According to the reliable Rasmussen tracking poll, those who "strongly approve" of the President outnumber those who "strongly disapprove" by only one point. And as this Fox News piece points out, Obama's popularity is only average for a President at this point.
Certainly, having Democrats control Congress by a huge majority is an advantage for any President. But it may also pose a political danger to a President, especially for one who, like Obama, came to power thanks to his party's left wing.
Having to deal with a Republican Congress allowed Bill Clinton to stick safely to the middle. And Republicans excused Ronald Reagan for failing to enact some of the policies dearest to them because they understood that the huge Democrat majority in the House made it impossible.
In contrast, now Obama has no excuse for failing to act on the left's agenda -- especially the parts he made pledges on, things like the Freedom of Choice Act. With his Congressional majorities, he's presumably got the votes.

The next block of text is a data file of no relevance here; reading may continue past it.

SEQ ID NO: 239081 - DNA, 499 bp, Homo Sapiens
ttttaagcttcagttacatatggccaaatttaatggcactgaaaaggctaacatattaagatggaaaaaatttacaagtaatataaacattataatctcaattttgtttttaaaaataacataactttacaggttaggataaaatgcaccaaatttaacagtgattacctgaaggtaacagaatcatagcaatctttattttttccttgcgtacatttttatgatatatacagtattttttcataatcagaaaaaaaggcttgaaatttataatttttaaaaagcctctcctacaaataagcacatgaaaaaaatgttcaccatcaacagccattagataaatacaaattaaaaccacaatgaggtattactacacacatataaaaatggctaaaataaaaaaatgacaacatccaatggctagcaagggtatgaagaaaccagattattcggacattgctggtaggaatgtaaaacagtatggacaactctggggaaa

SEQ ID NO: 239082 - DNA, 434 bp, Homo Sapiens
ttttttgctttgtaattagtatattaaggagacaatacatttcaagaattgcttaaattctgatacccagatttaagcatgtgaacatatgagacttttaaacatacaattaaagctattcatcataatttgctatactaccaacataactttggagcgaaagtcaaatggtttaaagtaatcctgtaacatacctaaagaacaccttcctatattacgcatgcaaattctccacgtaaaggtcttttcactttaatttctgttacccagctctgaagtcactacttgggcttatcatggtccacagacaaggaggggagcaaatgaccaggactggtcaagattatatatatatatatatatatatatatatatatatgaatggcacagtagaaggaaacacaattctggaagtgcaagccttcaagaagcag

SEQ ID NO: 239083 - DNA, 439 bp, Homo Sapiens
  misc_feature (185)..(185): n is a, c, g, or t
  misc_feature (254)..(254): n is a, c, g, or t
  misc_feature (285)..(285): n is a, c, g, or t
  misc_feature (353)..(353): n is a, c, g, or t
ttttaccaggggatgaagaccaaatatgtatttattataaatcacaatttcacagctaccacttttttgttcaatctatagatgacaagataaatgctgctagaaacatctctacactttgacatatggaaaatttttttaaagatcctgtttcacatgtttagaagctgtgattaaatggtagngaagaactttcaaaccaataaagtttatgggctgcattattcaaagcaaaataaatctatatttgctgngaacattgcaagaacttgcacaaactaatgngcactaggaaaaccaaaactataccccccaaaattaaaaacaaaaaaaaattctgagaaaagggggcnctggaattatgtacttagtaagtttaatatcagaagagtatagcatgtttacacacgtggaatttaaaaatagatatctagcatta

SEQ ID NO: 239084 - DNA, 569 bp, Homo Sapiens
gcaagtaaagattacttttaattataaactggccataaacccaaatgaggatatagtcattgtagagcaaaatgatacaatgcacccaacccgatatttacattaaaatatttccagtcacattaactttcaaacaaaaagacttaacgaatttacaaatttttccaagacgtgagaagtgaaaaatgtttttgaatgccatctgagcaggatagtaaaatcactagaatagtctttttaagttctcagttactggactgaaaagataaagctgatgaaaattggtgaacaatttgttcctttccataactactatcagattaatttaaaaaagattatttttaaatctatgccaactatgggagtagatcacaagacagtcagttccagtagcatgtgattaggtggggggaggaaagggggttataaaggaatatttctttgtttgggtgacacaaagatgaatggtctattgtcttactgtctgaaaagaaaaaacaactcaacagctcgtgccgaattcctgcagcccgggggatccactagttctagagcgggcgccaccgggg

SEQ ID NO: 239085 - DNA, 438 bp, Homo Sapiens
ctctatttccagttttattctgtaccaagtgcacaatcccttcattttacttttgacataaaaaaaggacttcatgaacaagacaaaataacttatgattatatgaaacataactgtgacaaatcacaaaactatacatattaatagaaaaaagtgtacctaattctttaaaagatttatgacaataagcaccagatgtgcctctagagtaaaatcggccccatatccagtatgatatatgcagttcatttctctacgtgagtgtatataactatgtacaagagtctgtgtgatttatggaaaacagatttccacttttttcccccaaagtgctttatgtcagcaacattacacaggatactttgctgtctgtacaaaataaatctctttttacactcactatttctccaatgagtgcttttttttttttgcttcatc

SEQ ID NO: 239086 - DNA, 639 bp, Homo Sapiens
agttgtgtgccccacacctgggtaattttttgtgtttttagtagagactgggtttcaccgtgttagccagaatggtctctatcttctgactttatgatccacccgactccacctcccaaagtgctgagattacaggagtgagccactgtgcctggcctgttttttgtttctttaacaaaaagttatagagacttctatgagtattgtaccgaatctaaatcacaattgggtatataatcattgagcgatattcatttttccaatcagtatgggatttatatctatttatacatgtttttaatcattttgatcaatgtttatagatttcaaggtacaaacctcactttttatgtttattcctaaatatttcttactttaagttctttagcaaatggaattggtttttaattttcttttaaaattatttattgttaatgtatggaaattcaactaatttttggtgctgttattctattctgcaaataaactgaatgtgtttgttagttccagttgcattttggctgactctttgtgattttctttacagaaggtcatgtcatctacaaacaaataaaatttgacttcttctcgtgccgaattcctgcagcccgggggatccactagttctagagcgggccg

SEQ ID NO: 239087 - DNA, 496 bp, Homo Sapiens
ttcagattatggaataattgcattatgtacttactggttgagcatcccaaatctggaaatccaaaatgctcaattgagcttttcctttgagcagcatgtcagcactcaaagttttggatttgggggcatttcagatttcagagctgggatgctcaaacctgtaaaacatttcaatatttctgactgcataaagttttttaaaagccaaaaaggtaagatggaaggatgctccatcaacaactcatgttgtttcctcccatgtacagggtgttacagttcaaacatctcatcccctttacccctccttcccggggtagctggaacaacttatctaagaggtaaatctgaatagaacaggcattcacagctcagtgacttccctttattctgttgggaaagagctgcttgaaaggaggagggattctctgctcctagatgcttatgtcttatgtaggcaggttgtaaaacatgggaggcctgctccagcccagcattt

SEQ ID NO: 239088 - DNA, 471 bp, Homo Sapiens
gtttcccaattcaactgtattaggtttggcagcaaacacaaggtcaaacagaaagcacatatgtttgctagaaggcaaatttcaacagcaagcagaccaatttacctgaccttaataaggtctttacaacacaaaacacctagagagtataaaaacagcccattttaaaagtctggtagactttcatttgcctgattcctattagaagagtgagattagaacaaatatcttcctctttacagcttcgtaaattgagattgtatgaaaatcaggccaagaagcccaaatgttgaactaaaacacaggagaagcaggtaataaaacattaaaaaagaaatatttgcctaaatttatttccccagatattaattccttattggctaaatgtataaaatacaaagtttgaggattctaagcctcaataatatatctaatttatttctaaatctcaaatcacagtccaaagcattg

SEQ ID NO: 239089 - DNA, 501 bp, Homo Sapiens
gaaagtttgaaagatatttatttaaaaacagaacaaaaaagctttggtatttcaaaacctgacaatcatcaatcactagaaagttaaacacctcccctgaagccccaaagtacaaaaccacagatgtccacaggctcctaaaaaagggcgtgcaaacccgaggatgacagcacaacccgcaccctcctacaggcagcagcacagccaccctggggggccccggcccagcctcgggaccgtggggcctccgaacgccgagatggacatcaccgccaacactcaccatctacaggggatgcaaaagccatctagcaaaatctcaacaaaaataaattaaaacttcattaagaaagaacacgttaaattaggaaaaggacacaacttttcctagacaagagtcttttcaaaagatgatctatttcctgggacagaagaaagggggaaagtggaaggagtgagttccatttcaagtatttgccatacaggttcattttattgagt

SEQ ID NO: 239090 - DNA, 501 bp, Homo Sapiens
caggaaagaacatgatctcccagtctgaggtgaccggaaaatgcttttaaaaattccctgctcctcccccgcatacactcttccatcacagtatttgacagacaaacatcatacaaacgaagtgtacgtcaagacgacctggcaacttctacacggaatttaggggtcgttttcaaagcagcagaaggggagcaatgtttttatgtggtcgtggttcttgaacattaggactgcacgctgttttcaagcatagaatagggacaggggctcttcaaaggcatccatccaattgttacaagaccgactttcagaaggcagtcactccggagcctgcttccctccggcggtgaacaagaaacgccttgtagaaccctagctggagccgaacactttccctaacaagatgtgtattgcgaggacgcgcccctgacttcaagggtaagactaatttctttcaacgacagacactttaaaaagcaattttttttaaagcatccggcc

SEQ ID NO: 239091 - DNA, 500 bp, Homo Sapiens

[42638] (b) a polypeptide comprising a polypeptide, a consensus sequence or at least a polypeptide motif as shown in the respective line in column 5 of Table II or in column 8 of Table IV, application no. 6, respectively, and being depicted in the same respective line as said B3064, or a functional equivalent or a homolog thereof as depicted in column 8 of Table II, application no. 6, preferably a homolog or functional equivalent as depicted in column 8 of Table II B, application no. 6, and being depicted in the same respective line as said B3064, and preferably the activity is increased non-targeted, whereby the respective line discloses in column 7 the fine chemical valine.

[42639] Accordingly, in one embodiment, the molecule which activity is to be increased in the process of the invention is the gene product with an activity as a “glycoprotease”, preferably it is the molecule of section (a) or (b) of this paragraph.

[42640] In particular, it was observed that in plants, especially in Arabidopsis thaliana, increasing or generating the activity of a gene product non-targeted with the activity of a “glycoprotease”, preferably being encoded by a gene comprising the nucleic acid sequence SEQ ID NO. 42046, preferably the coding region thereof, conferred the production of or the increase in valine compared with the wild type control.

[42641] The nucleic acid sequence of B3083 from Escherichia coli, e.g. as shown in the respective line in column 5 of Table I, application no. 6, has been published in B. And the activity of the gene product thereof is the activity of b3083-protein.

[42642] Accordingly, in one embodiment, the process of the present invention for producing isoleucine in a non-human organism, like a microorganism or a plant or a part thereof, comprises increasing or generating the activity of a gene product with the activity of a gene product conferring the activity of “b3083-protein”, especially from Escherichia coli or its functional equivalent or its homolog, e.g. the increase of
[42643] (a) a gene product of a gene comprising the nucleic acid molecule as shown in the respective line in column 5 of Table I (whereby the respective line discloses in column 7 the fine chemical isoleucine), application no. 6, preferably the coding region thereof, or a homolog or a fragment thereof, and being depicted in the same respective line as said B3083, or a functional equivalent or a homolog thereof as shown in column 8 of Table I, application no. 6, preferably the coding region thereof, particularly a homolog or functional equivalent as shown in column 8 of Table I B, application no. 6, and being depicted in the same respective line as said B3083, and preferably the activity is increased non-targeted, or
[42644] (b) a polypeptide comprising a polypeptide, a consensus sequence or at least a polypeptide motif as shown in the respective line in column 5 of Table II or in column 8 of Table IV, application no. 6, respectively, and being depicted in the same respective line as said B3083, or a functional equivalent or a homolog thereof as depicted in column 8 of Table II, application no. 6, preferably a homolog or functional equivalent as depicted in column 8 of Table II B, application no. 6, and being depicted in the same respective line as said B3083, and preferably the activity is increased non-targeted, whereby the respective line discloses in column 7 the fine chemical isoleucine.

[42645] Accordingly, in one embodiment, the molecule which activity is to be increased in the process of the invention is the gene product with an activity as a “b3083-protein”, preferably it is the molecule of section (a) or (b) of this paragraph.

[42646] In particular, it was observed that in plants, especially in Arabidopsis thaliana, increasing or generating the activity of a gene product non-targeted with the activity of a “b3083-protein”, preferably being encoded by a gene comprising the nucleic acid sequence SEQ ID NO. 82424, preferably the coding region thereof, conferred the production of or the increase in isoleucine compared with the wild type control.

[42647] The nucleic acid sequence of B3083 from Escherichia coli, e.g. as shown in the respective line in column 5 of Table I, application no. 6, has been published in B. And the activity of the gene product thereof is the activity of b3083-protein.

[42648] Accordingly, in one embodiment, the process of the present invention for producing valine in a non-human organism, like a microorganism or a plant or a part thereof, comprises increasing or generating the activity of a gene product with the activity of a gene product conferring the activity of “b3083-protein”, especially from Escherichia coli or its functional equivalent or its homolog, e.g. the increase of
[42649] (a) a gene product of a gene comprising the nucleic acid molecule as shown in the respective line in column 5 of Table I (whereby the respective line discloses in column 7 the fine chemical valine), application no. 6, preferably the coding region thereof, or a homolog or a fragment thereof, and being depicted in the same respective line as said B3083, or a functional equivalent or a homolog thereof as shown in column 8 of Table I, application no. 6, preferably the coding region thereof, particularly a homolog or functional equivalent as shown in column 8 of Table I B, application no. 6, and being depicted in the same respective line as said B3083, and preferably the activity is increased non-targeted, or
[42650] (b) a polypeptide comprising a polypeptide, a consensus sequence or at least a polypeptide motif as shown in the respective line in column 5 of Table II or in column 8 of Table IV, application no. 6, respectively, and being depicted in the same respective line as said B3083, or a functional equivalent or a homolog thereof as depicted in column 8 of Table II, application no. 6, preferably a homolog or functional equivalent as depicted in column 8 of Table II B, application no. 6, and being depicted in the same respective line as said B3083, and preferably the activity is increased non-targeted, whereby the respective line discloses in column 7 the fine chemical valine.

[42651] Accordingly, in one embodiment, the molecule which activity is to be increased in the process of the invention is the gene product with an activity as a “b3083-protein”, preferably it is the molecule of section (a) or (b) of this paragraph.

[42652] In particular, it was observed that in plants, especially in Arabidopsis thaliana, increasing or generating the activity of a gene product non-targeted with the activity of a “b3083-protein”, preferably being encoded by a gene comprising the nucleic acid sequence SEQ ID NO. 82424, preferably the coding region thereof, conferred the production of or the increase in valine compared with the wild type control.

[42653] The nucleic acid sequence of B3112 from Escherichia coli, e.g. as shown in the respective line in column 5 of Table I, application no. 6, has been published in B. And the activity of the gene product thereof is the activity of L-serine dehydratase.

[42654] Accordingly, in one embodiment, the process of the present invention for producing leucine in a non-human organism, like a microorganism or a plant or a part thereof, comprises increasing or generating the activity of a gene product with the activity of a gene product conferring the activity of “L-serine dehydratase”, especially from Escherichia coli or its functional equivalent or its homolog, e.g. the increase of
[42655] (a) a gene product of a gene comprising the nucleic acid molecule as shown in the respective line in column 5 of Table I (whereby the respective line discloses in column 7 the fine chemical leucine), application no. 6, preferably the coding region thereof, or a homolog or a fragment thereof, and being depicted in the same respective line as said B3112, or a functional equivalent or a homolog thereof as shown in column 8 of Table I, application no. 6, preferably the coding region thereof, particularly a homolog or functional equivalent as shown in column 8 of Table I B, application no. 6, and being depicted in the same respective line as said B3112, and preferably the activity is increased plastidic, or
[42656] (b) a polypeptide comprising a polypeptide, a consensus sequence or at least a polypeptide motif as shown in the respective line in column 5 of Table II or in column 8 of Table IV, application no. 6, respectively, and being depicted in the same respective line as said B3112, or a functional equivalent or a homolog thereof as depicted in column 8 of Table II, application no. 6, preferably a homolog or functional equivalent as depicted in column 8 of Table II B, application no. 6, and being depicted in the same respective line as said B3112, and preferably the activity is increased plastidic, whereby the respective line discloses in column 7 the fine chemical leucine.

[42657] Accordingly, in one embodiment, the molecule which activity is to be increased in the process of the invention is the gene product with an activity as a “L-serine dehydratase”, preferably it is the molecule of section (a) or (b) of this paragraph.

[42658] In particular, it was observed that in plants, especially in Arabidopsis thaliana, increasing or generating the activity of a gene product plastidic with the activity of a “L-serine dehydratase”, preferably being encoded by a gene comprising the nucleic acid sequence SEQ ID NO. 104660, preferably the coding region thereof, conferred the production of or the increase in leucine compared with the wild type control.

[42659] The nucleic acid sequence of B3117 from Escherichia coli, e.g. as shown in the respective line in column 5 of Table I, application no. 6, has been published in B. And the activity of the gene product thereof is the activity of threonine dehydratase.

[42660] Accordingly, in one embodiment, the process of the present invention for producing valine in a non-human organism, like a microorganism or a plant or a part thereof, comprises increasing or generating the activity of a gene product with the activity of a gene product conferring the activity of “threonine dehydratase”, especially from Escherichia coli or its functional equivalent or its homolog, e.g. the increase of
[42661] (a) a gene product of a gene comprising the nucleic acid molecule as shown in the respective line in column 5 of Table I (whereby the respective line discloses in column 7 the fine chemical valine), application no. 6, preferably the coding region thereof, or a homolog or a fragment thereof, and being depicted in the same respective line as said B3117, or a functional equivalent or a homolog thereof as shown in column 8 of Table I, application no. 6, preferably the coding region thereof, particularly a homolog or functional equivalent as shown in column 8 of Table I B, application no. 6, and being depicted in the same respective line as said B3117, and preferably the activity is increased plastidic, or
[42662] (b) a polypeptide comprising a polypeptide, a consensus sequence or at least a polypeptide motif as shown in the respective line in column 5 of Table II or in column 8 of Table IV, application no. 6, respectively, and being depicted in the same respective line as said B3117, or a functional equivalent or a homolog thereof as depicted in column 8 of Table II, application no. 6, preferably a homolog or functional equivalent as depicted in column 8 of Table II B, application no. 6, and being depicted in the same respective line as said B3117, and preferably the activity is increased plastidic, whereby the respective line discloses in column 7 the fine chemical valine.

If he fails to do those things (as he's now backtracking on is promise to abolish military tribunals for terrorists), he's going to break the hearts of his most steadfast supporters on the left and reveal himself to be "just another politician" -- an ugly outcome for someone whose radiant nobility is supposed to transcend politics entirely. If he acts on some of his more extreme promises, however, he risks alienating normal Americans.
The President is a very smooth talker, and he may be able to walk this tightrope. But it will be interesting to see.
Unfit to Lead
Unexpectedly Weak Industrial Production Report Released Unexpectedly Early
Ending Down Syndrome—The Nazi Way?